The sale of ten acres of stunningly-set development land around the historic Charleston House, on the edge of East Cork’s Midleton at Ballinacurra, will be one to watch for future trends, and as an indicator of the state of the still dysfunctional housing market, at a time of rapidly-rising house prices.
Of interest will be how many bid, who bids and who ultimately succeeds, where they are come from, either local/Munster or Dublin-based, and as a test of developer appetite and funding sources.
Also keenly watched will be the indications of new-builds allowed, as part of the land is zoned for high-density development; most importantly for the overall market, and for ultimate home-buyers at Charleston House, will be the price paid per acre, which feeds directly into eventual house prices (also see story p20).
Agents Peter O’Meara and Michael O’Donovan of Savills are selling the prime property in lots, with an immaculate early 1900s period home on two acres, plus ten further acres of land zoned high-density/existing built up area, or will sell the entire on 12 acres, at a guide of €3.65 million.
The house on two acres is guided at €795,000, and the balance then is valued at c €2.85m, indicating a price per acre of between €275,000 and €300,000 an acre. Of most relevance will be the eventual price per house stand, dictated by indicated densities.
There’s very little current building in Midleton, which has a commuter rail link to Cork city, and, similarly, rents have skyrocketed with a dearth of supply of houses to buy or to rent. Sales will be strong — but only at viable and sustainable prices.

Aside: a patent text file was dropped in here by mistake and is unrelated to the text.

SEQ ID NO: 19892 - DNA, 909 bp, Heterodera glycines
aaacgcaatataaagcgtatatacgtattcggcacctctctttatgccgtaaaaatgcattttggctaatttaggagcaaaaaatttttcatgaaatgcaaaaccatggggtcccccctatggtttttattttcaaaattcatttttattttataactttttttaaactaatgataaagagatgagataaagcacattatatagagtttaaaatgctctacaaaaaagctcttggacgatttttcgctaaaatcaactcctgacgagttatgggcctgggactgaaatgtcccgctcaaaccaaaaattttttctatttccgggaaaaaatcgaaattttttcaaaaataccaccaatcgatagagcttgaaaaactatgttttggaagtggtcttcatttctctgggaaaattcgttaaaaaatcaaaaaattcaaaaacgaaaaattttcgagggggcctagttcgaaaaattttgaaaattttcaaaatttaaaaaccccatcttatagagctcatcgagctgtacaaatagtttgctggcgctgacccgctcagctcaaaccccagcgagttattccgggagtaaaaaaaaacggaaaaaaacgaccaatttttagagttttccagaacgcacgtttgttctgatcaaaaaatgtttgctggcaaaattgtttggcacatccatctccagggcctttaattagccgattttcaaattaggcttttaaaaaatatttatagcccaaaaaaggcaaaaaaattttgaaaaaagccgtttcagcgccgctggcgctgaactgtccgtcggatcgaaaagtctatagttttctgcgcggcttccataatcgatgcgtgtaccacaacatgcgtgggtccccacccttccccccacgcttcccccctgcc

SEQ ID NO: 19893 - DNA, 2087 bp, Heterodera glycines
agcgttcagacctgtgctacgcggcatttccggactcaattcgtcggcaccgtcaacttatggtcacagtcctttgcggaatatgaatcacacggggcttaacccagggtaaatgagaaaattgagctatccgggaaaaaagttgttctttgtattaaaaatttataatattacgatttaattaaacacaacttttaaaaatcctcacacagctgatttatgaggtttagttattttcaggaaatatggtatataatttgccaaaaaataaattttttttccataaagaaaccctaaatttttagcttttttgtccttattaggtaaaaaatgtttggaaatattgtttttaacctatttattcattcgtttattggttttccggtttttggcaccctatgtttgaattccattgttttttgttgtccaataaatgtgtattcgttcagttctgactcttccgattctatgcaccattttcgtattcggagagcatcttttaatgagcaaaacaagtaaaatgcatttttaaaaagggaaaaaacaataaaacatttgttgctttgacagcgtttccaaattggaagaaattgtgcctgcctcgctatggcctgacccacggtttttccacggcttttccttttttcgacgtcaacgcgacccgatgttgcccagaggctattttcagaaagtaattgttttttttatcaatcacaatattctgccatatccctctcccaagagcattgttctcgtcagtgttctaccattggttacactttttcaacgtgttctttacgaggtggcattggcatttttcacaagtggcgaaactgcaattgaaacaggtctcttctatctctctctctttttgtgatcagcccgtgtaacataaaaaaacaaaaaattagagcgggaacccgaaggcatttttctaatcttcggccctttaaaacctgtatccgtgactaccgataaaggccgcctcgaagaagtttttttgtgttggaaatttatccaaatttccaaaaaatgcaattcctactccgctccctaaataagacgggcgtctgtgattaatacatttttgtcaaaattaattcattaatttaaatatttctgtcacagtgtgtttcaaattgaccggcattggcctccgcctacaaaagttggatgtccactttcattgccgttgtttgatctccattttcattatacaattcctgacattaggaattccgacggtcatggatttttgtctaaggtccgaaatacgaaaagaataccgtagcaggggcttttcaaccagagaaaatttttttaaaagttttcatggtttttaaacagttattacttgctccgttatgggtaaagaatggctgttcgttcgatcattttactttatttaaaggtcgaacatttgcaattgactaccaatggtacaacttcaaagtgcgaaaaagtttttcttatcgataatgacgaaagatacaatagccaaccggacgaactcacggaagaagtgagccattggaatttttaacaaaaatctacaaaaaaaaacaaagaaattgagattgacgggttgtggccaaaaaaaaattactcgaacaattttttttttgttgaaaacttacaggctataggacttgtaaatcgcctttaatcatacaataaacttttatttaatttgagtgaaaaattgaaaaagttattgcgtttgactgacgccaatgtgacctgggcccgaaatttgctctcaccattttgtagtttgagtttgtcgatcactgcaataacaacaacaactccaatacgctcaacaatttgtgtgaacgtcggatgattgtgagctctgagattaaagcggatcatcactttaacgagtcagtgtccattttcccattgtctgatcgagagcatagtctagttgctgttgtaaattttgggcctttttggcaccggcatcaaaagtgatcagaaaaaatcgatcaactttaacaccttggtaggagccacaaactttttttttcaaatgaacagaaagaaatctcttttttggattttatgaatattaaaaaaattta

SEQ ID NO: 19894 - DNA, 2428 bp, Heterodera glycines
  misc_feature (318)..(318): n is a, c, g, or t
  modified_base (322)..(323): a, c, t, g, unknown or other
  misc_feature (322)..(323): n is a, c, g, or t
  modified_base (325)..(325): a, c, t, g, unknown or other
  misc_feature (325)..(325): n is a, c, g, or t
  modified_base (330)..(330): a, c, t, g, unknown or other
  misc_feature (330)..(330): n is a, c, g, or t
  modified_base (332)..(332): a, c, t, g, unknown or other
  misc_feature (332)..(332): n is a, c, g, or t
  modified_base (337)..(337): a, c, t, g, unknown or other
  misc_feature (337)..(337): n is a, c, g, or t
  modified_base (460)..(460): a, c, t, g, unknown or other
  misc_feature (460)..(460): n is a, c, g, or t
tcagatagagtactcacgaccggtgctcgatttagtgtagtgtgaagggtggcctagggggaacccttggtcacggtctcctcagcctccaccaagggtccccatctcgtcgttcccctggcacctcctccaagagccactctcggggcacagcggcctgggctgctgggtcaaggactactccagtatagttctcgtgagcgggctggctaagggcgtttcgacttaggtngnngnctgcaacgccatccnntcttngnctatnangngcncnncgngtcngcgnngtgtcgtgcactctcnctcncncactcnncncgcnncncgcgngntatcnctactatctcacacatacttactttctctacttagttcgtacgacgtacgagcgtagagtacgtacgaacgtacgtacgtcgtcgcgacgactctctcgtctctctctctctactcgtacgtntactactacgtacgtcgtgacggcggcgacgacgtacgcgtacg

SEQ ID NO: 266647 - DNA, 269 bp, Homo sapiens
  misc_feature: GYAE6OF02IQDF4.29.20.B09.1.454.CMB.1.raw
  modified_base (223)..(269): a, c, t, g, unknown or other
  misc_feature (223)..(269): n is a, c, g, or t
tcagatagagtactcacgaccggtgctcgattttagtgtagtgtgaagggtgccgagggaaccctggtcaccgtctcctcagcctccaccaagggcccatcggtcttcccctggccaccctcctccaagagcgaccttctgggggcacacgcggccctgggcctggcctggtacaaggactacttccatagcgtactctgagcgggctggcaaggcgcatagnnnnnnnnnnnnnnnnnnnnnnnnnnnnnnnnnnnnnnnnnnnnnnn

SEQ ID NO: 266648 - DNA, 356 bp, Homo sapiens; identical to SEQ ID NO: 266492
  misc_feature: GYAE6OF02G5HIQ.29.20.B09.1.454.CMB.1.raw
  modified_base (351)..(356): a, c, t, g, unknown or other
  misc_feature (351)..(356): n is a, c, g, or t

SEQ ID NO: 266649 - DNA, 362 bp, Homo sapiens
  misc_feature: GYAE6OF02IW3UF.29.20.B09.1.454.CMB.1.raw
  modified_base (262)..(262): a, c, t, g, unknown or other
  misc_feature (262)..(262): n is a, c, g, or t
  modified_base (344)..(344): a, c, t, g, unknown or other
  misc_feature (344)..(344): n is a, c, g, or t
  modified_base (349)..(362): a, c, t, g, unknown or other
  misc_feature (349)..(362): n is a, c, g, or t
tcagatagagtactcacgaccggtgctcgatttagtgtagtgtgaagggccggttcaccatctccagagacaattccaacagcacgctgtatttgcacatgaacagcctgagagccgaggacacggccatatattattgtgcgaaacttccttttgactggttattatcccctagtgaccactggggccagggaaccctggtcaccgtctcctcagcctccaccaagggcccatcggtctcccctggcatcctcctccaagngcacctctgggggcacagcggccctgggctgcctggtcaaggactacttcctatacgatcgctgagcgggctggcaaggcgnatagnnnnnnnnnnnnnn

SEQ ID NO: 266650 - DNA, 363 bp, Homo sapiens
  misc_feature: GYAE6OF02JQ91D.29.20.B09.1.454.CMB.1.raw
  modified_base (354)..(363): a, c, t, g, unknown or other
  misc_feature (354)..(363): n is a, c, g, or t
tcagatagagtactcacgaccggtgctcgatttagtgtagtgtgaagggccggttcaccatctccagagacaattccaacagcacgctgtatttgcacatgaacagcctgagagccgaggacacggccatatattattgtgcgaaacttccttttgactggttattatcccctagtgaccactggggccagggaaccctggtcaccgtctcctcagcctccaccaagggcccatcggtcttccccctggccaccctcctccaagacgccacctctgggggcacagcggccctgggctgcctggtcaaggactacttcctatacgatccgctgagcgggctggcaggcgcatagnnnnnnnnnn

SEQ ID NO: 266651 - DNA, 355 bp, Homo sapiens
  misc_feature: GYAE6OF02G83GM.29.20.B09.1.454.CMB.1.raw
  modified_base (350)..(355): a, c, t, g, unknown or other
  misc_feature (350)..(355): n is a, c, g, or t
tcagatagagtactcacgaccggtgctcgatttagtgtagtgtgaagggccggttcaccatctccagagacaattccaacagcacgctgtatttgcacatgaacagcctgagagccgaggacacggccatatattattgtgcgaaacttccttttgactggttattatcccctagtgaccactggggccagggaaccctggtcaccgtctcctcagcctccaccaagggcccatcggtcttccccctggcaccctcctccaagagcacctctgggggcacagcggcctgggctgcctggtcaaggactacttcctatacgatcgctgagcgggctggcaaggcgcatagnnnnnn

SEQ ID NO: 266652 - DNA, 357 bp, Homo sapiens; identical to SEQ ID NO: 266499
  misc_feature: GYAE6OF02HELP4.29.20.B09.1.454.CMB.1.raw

Local sources say a recent sale of land at the Mill Road for Dairygold, with planning for 38 acres, saw between €50,000 and €60,000 per stand paid, and after costs and other levies, it could see site costs of €80,000 per house stand at that Mill Road purchase.
“We need estates, but that would mean having to sell three-bed semis at €350,000, and that would be like back in 2006 levels,” warned the local observer.
Associated with Bennett family of barley malters for generations, and latterly with the West family, Charleston’s lands are likely to carry a prestige factor, given their proximity to the N25 and setting 1.5kms east of Midleton, as well as mature tree boundaries, leafy avenues some water/harbour views to the mills and quays at Ballinacurra, and the overall character of the area.
The ten acres carry a split zoning, with frontage at the north to the R630 and the Dark Road, and the southern portion has 80m of frontage to the R630. Nearby are now-mature estates like the Cotswolds to the north, and the large Castleredmond to the east. Land to the west is bounded by the small townhouse development Charleston Court, and the south are a small number of one-off detached houses, as well as the Old Stable apartment scheme.
Midleton’s LAP 2015 zoning includes high-density on the northern section, while acknowledging that any development proposal will have to take cognisance of the impact on Charleston House itself.
Charleston House’s remaining lands sale will contrast with the extraordinary €19.7m paid at auction in 2004 by Bride View Development for 26 acres, with 18 acres zoned, at the period Lakeview House. The land has remained undeveloped since the bust, with the house abandoned, awaiting some resurrection.... perhaps through Nama.
Details: Savills 021-4271371
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